Are Any Of The Democratic Candidates For President Not Completely Crazy?

Perhaps President Trump is not particularly your cup of tea, and you are thinking that you might consider as an alternative supporting one or another of the Democratic contenders for the presidency. If so, here is an important question to consider: Is any one of these people not completely crazy?

To start with, I’m willing to grant that the bar for selecting a candidate to support for President is of necessity a low one. A person matching your idea of the perfect candidate simply does not exist in the real world; and even if such a person did exist, he or she would not make it past the first week of the campaign. Working strongly against the potential for even any half-way decent candidate is the fact that everybody who throws a hat into this ring is almost by definition a self-centered ego-maniac. Plus, every one of them deeply believes that each word they utter, no matter how ridiculous, is a pearl of God’s wisdom. And then, by the time you get to the general election, you will only have two options left to choose from. It goes without saying that both will be very deeply flawed.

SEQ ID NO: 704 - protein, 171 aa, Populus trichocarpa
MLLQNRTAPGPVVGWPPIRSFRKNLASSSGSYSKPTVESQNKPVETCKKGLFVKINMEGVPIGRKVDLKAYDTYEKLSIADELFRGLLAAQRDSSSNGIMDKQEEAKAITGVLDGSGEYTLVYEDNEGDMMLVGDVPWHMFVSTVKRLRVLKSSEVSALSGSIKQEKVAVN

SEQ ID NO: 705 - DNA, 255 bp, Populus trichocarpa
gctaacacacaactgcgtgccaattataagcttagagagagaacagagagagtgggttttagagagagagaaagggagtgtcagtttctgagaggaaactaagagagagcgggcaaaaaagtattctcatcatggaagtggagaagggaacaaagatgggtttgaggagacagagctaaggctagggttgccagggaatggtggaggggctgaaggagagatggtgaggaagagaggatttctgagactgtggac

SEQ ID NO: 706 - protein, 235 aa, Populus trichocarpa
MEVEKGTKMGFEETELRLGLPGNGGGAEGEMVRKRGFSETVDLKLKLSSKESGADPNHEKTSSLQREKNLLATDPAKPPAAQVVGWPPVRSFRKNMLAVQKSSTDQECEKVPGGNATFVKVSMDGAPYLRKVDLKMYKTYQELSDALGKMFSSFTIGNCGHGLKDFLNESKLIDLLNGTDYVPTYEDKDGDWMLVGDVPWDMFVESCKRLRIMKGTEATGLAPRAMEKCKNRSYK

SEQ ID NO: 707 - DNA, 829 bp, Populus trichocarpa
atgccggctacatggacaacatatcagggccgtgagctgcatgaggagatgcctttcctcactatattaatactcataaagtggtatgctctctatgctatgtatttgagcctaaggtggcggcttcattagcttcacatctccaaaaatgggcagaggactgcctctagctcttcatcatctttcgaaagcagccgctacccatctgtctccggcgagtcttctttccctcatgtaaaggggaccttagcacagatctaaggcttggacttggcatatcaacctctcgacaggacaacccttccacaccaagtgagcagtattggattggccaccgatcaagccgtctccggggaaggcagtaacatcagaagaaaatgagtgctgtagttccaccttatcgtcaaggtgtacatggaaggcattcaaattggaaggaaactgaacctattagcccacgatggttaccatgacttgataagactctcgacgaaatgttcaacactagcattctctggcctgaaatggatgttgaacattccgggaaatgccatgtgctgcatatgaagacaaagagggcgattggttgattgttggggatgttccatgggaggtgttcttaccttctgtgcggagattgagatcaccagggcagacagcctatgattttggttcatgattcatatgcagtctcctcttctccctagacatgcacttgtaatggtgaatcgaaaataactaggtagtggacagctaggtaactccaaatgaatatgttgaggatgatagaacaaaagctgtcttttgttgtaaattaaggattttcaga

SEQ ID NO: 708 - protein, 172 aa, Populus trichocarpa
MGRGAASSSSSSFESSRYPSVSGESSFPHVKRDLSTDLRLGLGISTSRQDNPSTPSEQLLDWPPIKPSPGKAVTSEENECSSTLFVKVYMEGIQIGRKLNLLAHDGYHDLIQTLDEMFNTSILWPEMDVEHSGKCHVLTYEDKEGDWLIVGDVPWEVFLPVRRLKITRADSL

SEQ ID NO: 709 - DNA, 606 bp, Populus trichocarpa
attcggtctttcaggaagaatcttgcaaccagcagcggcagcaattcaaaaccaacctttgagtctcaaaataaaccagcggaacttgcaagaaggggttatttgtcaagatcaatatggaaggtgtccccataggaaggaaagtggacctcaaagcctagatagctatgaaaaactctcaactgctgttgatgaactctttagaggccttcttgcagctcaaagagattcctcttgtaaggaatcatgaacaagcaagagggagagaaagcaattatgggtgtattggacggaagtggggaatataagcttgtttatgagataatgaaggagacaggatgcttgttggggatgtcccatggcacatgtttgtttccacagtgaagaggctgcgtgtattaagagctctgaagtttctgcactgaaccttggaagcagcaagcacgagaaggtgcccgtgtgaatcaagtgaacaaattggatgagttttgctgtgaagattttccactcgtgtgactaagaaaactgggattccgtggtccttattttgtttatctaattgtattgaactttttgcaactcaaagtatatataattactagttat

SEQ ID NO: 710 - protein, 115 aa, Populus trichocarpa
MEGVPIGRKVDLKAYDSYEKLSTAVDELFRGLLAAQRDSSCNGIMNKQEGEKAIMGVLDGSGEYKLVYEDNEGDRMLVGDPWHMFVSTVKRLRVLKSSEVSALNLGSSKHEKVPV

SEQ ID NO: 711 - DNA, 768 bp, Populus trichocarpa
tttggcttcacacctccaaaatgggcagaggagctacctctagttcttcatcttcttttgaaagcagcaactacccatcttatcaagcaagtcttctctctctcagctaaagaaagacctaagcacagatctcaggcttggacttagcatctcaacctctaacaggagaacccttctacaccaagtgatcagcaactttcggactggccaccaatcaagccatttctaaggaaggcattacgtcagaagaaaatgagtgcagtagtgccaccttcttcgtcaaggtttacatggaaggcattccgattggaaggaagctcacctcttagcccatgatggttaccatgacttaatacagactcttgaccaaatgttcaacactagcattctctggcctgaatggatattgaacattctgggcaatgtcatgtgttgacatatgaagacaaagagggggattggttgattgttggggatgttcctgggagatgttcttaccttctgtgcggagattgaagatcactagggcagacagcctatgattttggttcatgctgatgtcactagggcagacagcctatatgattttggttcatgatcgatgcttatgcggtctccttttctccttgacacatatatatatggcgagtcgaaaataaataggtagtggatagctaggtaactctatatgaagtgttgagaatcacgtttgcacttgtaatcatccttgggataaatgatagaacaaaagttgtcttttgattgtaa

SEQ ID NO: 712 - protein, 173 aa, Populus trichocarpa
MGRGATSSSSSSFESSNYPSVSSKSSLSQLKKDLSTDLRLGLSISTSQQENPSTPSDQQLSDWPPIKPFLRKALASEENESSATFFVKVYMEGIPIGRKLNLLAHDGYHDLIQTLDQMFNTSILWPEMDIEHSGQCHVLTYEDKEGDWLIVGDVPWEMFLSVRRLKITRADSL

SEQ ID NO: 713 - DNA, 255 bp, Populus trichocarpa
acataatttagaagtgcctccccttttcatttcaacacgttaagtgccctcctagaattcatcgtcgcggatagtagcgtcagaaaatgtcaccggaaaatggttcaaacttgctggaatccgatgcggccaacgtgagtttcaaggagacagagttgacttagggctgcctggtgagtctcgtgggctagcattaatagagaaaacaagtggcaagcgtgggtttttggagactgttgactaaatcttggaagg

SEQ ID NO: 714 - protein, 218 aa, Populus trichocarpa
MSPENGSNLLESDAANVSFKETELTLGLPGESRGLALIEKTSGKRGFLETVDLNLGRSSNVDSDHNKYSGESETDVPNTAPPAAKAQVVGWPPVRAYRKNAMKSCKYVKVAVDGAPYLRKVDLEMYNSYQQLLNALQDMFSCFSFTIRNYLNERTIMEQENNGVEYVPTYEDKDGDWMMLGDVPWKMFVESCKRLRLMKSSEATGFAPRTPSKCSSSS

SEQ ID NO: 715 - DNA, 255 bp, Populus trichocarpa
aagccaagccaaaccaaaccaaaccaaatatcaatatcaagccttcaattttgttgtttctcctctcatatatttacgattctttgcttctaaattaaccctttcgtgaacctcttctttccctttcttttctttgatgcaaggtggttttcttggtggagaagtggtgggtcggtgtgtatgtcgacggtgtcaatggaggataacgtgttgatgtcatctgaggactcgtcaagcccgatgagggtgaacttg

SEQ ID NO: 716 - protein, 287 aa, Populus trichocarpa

But “deeply flawed” is not nearly the same as “completely crazy.” Surely, we can find some among the Democratic candidates who can pass the “not completely crazy” test.

Well, good luck trying. To evaluate the question of whether any of these people are not completely crazy, I’m going to look today at what they have said recently — mostly in the debates — about the federal government’s appropriate role with respect to “climate.” . . .